As it is a profoundly insightful psychology, Buddhism can also be seen as a political philosophy – pointing to how collectives of humans cause suffering by lacking in harmony and compassion, functioning in ignorance of the natural balance and conscious interdependence that would be the hallmark of healthy and peaceful communities. This disharmony arises as groups of individuals identify themselves as more important and correct in their world-view than others who are seen as incorrect, wrong, even dangerous. Competition is the result, friendly or hostile, dominating much of human interaction at both the individual and collective level. This then is clearly the realm of politics. The more different in form, style and beliefs, the more competitive a group is with those of a different identity group, the more likely the politics will be hostile even escalating into violence, sometimes war.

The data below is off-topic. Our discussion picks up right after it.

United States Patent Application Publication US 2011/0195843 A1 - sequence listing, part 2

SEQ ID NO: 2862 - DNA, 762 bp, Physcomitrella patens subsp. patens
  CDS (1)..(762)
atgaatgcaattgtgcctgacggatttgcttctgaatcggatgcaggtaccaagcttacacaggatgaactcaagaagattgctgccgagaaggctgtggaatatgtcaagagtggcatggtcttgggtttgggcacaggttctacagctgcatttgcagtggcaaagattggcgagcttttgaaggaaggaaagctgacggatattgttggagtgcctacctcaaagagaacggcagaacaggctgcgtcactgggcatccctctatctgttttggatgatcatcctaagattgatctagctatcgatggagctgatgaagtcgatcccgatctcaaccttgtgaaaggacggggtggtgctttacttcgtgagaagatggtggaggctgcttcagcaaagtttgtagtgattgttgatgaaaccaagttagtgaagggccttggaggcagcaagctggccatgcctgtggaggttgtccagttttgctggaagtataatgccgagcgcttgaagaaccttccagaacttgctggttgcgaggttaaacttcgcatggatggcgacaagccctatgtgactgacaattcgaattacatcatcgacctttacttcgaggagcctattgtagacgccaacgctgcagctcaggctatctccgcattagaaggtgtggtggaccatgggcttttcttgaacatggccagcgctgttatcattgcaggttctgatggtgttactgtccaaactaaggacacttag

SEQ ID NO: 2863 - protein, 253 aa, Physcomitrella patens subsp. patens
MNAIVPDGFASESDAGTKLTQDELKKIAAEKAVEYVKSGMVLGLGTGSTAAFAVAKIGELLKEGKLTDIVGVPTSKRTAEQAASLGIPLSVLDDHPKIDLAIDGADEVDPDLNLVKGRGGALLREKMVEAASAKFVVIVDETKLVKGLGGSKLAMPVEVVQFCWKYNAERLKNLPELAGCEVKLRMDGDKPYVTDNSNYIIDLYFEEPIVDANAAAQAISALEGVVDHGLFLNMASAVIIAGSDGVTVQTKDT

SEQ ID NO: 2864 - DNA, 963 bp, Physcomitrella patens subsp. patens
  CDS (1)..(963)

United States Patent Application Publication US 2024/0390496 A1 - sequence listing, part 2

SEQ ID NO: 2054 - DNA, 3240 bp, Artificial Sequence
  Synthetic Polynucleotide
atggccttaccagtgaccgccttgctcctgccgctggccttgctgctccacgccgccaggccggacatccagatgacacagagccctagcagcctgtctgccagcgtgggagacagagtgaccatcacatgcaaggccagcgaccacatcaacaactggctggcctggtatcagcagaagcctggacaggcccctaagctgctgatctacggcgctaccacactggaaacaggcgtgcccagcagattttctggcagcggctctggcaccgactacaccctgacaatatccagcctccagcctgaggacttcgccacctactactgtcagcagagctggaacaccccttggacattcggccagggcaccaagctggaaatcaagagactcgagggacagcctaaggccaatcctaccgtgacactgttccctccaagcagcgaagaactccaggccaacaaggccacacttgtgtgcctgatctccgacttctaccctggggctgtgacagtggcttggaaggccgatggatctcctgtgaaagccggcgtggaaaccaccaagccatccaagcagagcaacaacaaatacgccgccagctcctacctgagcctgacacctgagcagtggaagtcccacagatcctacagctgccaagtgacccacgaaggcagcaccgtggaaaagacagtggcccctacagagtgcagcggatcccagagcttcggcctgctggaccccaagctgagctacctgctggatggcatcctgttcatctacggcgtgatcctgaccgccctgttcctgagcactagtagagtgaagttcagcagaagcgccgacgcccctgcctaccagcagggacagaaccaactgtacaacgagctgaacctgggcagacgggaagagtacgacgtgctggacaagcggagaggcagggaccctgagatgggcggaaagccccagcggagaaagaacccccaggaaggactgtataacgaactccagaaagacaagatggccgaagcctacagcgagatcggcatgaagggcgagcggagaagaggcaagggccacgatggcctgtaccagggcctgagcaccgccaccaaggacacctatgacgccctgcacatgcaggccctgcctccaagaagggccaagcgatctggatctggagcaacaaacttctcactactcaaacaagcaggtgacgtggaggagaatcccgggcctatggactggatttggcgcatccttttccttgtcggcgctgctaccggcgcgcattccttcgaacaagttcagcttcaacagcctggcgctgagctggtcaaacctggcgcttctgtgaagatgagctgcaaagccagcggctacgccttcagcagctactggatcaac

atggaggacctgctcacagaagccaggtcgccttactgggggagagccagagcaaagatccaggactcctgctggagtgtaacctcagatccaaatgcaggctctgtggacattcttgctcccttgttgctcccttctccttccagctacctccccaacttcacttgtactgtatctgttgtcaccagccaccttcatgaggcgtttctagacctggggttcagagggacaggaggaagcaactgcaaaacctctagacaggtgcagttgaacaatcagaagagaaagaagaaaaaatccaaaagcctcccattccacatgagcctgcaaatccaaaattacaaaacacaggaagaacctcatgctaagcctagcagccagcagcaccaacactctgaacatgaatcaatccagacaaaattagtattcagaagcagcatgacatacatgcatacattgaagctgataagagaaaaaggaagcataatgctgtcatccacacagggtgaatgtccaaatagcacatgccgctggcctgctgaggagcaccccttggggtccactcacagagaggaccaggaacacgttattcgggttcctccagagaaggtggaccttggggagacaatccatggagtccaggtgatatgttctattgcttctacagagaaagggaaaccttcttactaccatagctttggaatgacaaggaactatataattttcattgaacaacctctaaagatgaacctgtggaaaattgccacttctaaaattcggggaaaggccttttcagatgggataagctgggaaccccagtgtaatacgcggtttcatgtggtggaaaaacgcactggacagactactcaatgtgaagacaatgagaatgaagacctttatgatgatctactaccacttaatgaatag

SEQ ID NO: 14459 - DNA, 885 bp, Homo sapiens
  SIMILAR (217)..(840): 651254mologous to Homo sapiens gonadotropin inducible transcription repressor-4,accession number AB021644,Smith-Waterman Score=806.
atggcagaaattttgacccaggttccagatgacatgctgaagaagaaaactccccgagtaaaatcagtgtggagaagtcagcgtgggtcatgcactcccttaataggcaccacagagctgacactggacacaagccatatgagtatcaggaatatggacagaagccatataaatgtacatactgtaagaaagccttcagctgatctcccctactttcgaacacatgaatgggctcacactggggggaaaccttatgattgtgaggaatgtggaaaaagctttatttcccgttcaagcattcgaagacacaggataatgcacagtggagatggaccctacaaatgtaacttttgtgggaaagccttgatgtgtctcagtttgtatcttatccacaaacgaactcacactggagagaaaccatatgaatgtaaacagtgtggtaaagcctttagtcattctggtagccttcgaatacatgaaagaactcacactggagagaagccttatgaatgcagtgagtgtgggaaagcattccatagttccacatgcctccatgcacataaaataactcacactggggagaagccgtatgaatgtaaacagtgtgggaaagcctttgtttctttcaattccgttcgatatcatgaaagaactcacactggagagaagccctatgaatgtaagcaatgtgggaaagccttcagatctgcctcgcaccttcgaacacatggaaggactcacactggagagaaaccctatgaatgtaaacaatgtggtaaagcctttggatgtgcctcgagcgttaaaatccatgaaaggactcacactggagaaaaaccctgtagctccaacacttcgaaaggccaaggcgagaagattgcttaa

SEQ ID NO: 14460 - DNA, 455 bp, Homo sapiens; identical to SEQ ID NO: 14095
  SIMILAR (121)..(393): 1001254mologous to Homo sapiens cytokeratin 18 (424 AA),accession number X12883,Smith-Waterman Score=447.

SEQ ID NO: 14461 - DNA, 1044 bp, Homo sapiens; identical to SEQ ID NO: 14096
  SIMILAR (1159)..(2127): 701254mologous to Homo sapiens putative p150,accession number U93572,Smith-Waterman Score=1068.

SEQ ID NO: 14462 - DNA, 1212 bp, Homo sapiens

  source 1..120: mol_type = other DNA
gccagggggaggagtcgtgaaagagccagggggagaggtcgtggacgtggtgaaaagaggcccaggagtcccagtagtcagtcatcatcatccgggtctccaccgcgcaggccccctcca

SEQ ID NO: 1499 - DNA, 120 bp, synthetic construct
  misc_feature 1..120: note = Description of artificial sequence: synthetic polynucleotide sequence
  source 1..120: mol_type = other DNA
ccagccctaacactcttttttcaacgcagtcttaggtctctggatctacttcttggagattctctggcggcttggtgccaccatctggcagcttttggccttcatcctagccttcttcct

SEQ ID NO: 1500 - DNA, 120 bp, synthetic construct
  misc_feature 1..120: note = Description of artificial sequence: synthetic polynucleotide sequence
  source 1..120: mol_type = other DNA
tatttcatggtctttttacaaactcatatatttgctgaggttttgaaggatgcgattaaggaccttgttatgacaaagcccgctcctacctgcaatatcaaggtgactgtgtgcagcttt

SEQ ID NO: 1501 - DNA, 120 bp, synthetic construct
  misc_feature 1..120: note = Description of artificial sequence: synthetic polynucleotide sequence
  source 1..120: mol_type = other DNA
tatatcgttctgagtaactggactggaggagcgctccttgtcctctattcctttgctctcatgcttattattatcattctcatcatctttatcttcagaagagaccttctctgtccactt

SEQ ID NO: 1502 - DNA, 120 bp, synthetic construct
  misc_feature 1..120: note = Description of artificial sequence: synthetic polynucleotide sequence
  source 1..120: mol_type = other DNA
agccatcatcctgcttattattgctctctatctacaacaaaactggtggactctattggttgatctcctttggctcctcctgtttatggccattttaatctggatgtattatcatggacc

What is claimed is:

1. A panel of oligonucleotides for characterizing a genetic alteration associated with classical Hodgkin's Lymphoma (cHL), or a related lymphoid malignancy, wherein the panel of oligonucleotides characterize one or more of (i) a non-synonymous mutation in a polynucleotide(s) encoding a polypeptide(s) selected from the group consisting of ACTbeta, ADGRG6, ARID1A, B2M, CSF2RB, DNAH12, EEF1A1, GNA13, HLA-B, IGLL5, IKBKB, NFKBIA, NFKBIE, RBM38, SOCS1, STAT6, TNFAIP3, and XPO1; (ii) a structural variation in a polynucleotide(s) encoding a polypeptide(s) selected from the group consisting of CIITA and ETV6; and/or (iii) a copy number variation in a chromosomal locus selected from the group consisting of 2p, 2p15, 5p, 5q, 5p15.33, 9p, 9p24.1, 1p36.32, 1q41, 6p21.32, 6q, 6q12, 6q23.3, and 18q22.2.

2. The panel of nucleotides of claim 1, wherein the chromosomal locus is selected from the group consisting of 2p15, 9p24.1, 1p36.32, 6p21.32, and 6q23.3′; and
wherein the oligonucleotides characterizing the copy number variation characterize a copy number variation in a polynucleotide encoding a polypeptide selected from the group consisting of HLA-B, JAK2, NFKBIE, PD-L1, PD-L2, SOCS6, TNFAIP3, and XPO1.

Another problem arises out of seeing the non-human world as separate from and inferior to the human realm, valued only in relationship to its immediate benefit to humans. The entire non-human world is viewed in categories of usefulness or threat and our attention goes to these two categories while a very big third category, that which is viewed as neither a valuable resource nor dangerous threat, goes mostly ignored. The whole of the natural world is largely overlooked by the average modern human as just the background to their day-to-day life, once again, with some particular aspect noticed only if it rises to the level of pleasant or unpleasant as determined by a person’s set of conditioned judgments. Gravely consequential ignorance of the systemic wholeness of nature leads humans to see the natural world as separate objects existing with particular value, challenge or irrelevance. The result is human activity tearing apart this systemic wholeness, throwing ecosystems out of balance, threatening the ability to thrive of all elements of that system, including, eventually, humanity.